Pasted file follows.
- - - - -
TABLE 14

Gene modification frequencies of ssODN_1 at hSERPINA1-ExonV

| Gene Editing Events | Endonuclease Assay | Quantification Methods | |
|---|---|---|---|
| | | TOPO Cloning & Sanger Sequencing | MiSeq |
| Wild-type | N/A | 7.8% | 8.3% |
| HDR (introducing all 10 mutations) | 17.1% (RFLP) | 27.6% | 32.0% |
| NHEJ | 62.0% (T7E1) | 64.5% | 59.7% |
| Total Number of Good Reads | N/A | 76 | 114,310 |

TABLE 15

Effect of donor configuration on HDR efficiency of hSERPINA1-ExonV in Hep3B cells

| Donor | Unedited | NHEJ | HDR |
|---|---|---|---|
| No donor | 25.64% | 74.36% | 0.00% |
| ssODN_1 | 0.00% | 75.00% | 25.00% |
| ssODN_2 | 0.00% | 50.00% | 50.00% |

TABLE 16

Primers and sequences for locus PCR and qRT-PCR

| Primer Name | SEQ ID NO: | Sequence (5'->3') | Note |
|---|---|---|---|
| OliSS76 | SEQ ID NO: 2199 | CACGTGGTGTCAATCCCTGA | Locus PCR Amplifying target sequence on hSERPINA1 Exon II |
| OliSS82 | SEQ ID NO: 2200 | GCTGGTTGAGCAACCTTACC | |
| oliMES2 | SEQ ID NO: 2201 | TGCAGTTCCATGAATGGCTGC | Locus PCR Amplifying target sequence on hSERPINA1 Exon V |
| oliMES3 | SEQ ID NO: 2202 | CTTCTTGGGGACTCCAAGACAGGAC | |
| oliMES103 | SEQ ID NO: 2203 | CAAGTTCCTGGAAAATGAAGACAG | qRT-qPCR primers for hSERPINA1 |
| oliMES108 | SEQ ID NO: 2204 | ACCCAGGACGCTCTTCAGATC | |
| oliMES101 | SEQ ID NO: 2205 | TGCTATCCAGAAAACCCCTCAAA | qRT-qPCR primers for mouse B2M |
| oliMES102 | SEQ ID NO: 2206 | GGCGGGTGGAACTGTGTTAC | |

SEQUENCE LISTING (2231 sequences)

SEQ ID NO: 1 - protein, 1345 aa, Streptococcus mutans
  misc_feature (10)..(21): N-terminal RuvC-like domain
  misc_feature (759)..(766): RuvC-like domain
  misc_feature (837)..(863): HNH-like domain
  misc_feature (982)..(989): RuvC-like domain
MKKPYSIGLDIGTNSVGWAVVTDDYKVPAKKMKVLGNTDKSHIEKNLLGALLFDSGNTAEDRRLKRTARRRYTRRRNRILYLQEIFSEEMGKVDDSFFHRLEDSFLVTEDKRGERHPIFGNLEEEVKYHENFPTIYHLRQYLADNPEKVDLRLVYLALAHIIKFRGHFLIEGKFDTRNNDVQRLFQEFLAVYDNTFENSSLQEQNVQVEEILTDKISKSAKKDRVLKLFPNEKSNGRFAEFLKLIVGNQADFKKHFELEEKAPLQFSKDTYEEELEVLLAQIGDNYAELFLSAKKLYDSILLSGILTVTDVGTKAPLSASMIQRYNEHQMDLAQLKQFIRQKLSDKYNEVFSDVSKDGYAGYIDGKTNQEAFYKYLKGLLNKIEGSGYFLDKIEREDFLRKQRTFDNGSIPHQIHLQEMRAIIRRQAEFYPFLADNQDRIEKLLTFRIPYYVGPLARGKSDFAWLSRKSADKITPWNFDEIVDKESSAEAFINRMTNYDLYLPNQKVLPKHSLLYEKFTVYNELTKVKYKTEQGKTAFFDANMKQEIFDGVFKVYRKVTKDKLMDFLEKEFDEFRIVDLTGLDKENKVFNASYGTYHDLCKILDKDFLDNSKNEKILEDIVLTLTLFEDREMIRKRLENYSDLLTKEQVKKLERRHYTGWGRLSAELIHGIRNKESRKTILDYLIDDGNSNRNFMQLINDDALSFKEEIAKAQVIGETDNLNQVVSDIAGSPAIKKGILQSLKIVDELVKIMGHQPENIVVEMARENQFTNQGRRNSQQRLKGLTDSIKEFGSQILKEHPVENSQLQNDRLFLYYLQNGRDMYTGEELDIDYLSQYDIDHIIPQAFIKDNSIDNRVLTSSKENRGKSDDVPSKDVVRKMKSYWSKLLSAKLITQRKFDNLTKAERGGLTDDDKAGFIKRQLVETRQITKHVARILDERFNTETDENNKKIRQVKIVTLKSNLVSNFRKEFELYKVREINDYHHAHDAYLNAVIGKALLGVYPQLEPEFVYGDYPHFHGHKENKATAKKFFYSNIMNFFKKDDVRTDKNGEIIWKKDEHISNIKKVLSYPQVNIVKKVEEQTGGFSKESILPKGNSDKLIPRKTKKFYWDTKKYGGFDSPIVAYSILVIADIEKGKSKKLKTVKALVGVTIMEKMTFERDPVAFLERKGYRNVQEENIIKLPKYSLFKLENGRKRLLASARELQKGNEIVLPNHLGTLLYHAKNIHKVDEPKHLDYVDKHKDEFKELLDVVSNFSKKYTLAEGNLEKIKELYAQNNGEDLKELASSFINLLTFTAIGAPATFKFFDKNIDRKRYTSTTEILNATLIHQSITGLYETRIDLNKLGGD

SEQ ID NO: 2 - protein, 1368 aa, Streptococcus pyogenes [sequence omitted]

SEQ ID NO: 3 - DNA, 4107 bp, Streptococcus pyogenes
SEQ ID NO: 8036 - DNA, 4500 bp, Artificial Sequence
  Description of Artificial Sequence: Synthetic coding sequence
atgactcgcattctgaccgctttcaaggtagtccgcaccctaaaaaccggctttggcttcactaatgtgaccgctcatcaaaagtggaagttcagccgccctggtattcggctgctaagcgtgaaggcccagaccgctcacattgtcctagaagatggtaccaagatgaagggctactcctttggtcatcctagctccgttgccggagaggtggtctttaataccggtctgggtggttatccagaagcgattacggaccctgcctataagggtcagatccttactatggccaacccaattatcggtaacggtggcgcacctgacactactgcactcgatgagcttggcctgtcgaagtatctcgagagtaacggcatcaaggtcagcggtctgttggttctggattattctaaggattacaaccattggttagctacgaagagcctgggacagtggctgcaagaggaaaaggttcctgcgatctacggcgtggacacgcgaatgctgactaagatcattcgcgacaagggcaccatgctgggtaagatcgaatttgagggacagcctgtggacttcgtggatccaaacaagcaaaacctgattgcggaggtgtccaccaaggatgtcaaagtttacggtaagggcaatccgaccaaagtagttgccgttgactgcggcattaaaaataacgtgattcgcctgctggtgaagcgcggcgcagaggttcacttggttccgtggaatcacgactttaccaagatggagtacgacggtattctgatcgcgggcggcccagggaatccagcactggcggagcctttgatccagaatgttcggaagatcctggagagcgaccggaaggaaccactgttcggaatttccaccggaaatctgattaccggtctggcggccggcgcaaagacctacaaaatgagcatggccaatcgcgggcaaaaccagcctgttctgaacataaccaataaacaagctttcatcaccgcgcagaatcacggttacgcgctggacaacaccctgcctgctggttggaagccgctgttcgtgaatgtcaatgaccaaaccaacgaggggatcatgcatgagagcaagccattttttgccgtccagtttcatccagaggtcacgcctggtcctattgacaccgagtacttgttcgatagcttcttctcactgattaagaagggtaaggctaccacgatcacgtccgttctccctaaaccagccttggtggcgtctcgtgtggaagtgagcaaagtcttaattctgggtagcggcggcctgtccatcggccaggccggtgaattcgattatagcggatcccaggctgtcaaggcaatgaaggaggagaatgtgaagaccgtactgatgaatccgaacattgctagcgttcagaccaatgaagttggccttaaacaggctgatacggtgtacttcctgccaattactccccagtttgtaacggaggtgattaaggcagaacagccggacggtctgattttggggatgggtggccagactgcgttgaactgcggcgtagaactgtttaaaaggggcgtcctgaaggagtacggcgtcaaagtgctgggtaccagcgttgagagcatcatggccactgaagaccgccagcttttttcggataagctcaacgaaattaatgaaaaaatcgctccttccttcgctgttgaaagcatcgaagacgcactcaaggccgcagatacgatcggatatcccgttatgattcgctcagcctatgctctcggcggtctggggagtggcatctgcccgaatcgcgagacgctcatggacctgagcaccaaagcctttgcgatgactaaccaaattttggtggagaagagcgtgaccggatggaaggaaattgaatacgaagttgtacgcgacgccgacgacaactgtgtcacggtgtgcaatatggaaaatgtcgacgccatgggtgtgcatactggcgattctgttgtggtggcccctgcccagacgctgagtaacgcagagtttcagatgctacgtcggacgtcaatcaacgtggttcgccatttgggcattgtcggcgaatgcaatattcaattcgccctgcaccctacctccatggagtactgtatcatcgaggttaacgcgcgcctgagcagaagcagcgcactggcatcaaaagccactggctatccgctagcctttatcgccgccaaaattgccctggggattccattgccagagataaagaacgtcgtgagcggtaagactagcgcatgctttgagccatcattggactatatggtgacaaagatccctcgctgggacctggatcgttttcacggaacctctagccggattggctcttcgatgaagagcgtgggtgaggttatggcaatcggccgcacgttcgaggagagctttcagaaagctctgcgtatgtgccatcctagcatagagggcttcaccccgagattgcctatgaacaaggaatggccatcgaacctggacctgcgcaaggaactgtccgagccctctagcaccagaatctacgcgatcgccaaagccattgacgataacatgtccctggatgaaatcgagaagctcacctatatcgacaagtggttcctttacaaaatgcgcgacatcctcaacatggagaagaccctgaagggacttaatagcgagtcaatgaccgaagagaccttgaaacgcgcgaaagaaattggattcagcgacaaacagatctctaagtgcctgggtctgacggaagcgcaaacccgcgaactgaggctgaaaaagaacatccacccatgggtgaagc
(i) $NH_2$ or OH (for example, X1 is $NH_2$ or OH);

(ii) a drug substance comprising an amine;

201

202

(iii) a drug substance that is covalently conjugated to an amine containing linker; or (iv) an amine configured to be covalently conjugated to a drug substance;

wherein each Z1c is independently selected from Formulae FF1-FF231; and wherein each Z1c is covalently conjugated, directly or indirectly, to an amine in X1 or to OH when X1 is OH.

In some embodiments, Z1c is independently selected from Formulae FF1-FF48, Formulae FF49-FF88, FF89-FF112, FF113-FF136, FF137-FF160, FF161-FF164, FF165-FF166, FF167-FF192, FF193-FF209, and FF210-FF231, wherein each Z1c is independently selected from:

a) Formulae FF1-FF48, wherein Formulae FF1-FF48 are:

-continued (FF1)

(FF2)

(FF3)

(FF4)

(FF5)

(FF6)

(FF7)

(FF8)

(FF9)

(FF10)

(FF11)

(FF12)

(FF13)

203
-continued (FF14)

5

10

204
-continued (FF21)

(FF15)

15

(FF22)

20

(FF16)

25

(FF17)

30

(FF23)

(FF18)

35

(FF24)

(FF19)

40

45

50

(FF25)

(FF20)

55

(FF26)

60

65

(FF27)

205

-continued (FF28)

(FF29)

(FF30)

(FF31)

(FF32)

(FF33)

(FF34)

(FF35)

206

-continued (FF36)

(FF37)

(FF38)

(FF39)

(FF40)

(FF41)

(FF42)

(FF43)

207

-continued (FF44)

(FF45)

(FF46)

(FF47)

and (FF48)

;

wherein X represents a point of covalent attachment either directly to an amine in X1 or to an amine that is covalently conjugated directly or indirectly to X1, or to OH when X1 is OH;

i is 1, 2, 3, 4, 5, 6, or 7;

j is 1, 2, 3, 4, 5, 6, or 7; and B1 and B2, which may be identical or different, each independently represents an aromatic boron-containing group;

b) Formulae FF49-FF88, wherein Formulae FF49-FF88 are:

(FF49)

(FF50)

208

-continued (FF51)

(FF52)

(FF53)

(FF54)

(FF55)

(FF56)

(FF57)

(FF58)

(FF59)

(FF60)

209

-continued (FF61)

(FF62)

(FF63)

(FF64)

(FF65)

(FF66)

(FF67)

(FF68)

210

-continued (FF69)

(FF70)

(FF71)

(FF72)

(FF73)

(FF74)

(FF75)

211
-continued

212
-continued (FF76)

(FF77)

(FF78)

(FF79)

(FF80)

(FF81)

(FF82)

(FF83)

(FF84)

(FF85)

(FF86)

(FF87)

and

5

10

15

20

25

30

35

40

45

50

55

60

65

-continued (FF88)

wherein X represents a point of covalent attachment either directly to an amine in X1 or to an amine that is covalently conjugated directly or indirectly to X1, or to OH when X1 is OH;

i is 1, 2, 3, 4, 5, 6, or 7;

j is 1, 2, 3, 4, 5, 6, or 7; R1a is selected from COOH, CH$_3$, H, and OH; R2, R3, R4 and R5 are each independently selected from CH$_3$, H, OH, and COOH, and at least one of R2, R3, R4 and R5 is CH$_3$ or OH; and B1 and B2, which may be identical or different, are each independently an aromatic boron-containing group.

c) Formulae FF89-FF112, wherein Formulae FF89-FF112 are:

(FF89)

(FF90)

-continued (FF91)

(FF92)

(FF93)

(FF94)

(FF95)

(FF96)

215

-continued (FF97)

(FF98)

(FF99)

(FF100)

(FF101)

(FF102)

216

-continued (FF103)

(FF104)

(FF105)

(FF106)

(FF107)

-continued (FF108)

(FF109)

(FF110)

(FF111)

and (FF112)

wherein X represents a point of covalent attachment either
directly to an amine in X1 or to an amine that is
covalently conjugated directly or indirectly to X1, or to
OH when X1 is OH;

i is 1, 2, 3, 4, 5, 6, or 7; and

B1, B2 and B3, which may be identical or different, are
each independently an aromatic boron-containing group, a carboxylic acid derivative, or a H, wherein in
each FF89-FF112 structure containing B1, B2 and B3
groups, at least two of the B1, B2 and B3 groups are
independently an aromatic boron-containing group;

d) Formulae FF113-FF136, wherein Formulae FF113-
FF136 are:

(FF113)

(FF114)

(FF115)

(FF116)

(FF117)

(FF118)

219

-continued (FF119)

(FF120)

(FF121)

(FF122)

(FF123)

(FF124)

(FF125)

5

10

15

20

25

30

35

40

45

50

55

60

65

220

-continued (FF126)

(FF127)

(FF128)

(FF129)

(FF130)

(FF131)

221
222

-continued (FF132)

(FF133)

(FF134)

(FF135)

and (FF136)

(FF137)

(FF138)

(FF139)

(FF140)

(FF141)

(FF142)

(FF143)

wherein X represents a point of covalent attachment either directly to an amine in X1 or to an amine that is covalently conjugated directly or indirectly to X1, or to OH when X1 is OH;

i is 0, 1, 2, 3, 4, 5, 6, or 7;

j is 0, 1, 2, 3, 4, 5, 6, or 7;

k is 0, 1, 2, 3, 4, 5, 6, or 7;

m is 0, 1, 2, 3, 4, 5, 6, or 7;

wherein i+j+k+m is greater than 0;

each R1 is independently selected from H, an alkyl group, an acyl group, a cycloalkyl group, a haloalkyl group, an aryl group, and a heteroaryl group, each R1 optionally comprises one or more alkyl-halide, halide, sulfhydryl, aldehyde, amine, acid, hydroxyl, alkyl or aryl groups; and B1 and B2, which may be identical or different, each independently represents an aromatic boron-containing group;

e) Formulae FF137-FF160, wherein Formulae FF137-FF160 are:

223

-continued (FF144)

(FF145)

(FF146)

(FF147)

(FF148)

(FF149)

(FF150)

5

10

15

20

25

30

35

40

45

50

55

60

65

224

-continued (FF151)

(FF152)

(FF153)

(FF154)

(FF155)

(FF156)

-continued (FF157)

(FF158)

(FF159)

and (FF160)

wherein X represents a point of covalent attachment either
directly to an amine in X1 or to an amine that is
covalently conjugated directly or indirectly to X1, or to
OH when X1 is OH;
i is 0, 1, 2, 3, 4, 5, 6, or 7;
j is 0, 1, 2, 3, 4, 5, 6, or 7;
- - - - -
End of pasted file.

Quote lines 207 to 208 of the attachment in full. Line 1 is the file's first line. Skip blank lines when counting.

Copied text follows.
(FF110)

(FF111)